If the time you spend with the Bible is limited to hearing the readings at Mass every Sunday morning, you aren’t spending enough time with God. A question I am commonly asked is how well Catholics should know the Bible? We have the Catechism, writings of the saints, and much more seemingly relevant content for living the Catholic faith. Therefore, how important is it for Catholics to personally know the Bible? Well, let’s look at what the Catechism of the Catholic Church tells us. One of my favorite paragraphs in the Catechism is paragraph 108:
“Still, the Christian faith is not a ‘religion of the book.’ Christianity is the religion of the ‘Word’ of God, a word which is ‘not a written and mute word, but the Word which is incarnate and living.’ If the Scriptures are not to remain a dead letter, Christ, the eternal Word of the living God, must, through the Holy Spirit, ‘open our minds to understand the Scriptures.”Catechism of the Catholic Church 108
There is a ton of information to grasp in this one paragraph. Now, I don’t want to sit here and break down what is being said and what isn’t. But, yes, the Church has some precise teachings on the interpretation of Scripture. We need to follow these teachings and have them at the forefront of our minds, especially while our Bible is open. Still, just because we’re faithfully following the Church’s guardrails for interpreting Scripture doesn’t mean we aren’t able to have fruitful personal time with the Word of God.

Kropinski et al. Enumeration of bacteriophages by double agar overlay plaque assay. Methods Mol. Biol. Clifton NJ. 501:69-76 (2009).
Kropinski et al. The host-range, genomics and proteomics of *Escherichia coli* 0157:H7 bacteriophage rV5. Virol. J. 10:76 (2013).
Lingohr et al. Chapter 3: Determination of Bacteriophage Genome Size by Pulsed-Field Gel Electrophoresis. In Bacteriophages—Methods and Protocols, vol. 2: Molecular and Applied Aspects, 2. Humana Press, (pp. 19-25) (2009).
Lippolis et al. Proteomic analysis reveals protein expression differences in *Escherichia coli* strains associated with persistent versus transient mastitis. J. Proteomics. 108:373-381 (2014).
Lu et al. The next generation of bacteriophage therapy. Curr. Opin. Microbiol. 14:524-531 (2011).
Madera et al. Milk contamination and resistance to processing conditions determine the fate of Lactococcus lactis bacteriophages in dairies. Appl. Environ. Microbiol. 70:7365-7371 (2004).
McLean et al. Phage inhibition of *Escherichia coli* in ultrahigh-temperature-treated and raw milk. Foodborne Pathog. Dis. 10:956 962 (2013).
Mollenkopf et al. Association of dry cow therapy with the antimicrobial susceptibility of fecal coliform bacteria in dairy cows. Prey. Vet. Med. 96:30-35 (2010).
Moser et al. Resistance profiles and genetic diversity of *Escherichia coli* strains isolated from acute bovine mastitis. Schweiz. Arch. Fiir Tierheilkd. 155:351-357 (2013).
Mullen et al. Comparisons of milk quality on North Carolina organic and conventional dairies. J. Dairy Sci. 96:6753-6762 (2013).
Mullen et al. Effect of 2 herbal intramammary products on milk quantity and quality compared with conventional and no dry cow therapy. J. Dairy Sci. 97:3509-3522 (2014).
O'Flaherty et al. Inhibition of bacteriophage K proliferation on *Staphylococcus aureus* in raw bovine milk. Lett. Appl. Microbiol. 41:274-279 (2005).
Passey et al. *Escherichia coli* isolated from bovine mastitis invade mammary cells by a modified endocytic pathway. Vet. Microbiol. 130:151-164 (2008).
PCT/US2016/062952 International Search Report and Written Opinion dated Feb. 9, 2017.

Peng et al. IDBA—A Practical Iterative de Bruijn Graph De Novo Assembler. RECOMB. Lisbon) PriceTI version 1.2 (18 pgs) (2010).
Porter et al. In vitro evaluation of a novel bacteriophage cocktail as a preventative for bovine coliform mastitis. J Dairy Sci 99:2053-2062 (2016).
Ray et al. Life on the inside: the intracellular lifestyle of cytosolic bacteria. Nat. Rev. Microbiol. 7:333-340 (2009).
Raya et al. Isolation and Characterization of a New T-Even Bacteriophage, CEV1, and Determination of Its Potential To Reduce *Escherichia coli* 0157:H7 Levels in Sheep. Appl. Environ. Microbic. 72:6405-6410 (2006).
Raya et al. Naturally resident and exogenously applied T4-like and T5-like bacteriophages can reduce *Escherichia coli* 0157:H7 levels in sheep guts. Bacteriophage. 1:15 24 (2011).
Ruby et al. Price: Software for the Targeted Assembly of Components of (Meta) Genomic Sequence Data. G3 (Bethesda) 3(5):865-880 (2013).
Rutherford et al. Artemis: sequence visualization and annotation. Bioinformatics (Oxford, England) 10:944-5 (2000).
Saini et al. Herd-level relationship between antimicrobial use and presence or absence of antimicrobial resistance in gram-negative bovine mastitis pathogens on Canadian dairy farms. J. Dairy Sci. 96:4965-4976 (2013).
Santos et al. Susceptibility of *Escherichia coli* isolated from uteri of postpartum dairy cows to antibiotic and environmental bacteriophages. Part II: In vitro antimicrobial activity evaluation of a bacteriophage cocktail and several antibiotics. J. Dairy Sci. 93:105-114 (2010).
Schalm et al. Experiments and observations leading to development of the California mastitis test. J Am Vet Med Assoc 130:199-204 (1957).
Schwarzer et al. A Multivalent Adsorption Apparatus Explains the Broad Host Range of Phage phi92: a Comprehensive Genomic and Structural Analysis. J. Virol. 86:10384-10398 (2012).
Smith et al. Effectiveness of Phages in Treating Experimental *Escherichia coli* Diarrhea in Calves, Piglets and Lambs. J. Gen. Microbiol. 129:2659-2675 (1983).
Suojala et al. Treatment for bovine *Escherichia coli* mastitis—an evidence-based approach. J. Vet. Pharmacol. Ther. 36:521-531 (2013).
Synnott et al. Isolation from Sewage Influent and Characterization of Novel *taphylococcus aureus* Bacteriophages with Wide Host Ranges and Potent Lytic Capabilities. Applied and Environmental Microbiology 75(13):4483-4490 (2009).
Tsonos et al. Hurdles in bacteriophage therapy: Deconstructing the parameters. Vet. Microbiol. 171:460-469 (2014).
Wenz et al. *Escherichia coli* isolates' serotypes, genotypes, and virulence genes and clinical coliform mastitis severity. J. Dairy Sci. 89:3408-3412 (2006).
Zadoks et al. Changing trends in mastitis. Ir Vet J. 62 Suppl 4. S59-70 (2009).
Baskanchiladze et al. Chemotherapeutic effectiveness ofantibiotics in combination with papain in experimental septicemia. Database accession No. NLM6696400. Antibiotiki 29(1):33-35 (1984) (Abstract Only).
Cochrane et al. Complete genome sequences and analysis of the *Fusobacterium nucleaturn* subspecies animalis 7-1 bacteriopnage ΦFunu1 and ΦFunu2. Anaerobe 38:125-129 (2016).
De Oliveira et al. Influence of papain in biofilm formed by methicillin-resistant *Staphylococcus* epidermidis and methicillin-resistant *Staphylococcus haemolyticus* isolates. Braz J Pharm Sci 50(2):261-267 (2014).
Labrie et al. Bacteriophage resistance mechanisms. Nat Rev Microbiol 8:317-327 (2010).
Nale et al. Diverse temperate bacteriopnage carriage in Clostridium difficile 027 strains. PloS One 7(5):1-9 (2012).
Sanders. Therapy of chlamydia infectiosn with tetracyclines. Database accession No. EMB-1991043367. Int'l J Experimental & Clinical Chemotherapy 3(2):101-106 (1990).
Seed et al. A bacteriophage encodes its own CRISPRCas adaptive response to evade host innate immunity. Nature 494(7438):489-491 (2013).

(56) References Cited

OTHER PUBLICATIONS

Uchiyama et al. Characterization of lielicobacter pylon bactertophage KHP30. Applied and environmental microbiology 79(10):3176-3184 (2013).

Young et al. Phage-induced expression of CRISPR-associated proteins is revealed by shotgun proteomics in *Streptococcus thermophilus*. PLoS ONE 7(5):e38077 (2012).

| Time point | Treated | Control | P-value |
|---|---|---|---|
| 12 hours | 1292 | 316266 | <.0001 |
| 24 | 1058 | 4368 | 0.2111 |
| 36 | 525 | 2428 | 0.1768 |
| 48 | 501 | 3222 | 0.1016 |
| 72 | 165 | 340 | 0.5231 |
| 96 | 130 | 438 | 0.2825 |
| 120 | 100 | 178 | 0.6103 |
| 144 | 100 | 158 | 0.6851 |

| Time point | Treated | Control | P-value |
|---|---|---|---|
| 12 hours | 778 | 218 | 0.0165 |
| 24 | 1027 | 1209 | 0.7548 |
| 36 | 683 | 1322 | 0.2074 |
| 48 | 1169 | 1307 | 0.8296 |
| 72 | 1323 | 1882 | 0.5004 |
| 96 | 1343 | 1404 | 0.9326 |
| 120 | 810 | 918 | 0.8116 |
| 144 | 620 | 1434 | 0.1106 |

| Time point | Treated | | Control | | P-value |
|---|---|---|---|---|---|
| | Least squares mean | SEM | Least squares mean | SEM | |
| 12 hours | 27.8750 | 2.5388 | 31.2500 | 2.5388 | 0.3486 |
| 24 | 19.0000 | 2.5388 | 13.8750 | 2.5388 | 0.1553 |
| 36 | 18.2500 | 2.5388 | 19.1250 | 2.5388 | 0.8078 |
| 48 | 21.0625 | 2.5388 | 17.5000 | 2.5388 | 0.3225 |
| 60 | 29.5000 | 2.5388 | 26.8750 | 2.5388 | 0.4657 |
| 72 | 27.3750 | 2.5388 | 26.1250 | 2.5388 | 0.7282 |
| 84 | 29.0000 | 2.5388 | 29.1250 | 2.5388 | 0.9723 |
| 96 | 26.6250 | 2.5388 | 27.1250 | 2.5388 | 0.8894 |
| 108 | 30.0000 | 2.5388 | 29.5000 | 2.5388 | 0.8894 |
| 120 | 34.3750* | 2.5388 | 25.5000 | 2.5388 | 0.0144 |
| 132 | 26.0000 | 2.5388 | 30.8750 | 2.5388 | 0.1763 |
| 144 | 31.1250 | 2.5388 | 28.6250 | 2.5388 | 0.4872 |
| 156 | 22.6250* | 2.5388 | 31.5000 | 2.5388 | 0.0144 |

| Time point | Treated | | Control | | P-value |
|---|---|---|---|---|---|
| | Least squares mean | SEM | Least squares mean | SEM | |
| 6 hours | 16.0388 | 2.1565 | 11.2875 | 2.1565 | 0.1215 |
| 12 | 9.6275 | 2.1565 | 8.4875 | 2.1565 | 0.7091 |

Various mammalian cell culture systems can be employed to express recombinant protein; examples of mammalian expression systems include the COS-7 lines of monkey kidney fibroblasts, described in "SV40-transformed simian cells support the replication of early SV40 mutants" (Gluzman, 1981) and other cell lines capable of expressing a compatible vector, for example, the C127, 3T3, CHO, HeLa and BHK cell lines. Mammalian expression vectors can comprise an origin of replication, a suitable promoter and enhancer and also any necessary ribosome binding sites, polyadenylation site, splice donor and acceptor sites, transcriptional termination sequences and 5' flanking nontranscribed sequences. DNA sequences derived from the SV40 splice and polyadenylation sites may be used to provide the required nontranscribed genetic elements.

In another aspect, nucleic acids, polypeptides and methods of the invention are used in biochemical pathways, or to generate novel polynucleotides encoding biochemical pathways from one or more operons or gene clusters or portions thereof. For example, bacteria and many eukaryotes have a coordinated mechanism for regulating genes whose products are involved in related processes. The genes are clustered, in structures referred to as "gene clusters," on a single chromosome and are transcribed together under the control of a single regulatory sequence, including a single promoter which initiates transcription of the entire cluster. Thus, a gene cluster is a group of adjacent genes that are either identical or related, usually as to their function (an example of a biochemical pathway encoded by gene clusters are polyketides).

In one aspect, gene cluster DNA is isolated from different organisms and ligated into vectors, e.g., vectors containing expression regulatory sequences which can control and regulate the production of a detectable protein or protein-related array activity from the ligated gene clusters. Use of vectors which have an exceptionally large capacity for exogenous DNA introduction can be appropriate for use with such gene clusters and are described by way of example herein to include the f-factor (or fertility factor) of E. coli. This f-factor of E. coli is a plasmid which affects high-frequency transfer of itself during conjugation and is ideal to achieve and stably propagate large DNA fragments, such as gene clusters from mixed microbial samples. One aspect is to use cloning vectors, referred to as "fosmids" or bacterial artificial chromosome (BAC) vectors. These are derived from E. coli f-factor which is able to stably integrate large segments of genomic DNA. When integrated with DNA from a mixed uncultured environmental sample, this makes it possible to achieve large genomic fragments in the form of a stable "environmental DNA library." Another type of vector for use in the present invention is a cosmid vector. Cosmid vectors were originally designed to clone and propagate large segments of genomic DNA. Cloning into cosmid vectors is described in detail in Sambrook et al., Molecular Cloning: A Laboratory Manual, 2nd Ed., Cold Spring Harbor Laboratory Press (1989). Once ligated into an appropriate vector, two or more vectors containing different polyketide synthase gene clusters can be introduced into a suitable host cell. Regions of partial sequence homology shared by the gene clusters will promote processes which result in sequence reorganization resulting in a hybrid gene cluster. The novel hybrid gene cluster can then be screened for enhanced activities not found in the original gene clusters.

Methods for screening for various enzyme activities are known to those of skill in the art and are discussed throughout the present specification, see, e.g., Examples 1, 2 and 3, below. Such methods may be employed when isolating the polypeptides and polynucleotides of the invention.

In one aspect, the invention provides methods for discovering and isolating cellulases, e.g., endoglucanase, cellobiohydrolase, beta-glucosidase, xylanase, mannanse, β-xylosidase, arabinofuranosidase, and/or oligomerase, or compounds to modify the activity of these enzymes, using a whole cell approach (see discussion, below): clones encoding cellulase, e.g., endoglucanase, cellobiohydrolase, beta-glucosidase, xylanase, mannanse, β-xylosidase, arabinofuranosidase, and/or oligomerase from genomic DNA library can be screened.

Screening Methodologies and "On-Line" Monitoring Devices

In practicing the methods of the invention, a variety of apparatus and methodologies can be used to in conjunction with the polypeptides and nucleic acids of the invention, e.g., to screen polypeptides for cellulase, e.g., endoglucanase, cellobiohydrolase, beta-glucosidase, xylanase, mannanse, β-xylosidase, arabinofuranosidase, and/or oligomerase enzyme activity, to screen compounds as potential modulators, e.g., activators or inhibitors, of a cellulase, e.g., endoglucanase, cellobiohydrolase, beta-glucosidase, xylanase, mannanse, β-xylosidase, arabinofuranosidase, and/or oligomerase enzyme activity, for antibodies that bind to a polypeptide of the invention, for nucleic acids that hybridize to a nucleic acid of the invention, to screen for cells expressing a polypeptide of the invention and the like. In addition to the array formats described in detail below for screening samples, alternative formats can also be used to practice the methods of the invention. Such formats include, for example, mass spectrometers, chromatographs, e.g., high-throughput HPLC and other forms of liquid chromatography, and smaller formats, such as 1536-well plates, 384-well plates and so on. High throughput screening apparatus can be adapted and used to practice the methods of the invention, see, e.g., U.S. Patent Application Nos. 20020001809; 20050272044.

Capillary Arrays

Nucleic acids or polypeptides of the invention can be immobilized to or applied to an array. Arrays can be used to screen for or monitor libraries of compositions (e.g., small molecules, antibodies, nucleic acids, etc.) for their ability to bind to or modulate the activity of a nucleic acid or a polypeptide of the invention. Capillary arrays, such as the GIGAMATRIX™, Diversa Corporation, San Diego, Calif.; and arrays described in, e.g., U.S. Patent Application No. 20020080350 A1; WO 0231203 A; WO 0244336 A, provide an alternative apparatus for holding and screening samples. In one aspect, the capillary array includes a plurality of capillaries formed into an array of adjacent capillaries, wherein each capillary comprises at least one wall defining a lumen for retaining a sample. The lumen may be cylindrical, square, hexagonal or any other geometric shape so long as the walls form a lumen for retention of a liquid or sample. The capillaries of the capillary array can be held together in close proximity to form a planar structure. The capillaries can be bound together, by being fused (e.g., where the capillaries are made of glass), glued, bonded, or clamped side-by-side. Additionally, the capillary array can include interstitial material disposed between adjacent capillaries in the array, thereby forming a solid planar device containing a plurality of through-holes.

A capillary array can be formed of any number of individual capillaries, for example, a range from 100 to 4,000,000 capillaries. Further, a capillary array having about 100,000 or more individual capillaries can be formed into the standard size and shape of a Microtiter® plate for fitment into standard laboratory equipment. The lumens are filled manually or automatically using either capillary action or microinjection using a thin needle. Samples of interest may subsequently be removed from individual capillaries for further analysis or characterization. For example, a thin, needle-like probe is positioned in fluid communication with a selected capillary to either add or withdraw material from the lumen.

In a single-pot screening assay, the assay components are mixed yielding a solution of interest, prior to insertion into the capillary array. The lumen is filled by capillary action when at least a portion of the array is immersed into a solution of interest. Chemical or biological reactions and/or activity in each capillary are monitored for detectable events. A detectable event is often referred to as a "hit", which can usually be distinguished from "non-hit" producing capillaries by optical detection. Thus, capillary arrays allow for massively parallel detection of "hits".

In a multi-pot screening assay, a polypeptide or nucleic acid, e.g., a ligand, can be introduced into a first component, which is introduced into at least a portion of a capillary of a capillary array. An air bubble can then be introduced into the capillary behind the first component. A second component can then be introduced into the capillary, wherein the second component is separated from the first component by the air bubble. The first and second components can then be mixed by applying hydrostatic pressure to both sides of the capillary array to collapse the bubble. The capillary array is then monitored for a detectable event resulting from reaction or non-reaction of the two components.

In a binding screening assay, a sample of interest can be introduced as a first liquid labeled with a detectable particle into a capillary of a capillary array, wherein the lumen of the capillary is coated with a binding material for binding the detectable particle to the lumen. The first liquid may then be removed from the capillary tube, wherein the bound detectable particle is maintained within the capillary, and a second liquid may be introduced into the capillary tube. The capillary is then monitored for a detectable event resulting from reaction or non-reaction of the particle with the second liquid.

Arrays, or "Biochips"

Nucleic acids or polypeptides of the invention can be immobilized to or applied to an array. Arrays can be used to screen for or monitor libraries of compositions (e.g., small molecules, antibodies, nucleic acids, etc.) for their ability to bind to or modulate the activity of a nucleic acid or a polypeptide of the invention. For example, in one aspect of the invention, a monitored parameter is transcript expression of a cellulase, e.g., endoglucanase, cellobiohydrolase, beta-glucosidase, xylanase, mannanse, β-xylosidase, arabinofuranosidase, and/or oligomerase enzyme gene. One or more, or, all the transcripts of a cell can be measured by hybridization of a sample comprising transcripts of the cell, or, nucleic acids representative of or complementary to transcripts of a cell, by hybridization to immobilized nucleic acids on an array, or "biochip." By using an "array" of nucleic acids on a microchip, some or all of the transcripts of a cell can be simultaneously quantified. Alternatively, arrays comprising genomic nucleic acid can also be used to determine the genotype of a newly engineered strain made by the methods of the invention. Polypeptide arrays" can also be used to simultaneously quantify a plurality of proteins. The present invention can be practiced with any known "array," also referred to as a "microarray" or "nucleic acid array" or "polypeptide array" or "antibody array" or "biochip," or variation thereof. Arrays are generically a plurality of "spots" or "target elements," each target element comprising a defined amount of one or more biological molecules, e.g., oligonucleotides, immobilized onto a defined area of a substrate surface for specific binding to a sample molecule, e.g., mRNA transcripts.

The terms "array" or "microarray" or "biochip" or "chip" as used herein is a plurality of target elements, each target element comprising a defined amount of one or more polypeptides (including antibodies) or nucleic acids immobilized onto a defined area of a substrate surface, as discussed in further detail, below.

How often should I read the Bible?
Anytime we are reading the Sacred Scriptures, words are very important. So why not start being specific with words here? We don’t read the Bible as we would a novel or a blog post. Instead, we study the Word of God.
There is a huge difference between reading and studying. Reading is something we do for entertainment. When what is being looked at has the power to change your life, the content has to be studied. Scripture has to have a chance to soak in our minds before it can penetrate our hearts.
As far as how often this should happen, I’m not going to be the person who sits here and tells you that you need to study the Bible every day. I know from experience how difficult this can be. Things come up, and stuff happens. Every now and then, a day is going to be missed. I feel more comfortable saying studying the Bible should be a regular part of your schedule. However, if you do want to read the bible daily, check out another post I write on the topic linked below.
Related: 3 Ways to Read the Bible Daily
This shouldn’t be just a routine, hobby, or something we do to pass the time. Instead, we should look at personal Bible study as an intimate way of spending time with God. It’s part of how we go about getting to know Him better. If we are to become more and more Christ-like every day as Catholics, doesn’t it make sense to know Him as well as we can?
How much time should we spend studying the Bible?
I don’t think there’s a right or wrong answer to this question. I have gone through seasons of life when I would read a chapter of whichever book in the Bible I was currently studying at the time. There have also been seasons when I would just study a few verses at a time, really breaking things down word for word. Instead of studying the Scriptures, I allowed them to study me. One thing I learned early on is that the Bible isn’t just a road map. It’s also a mirror.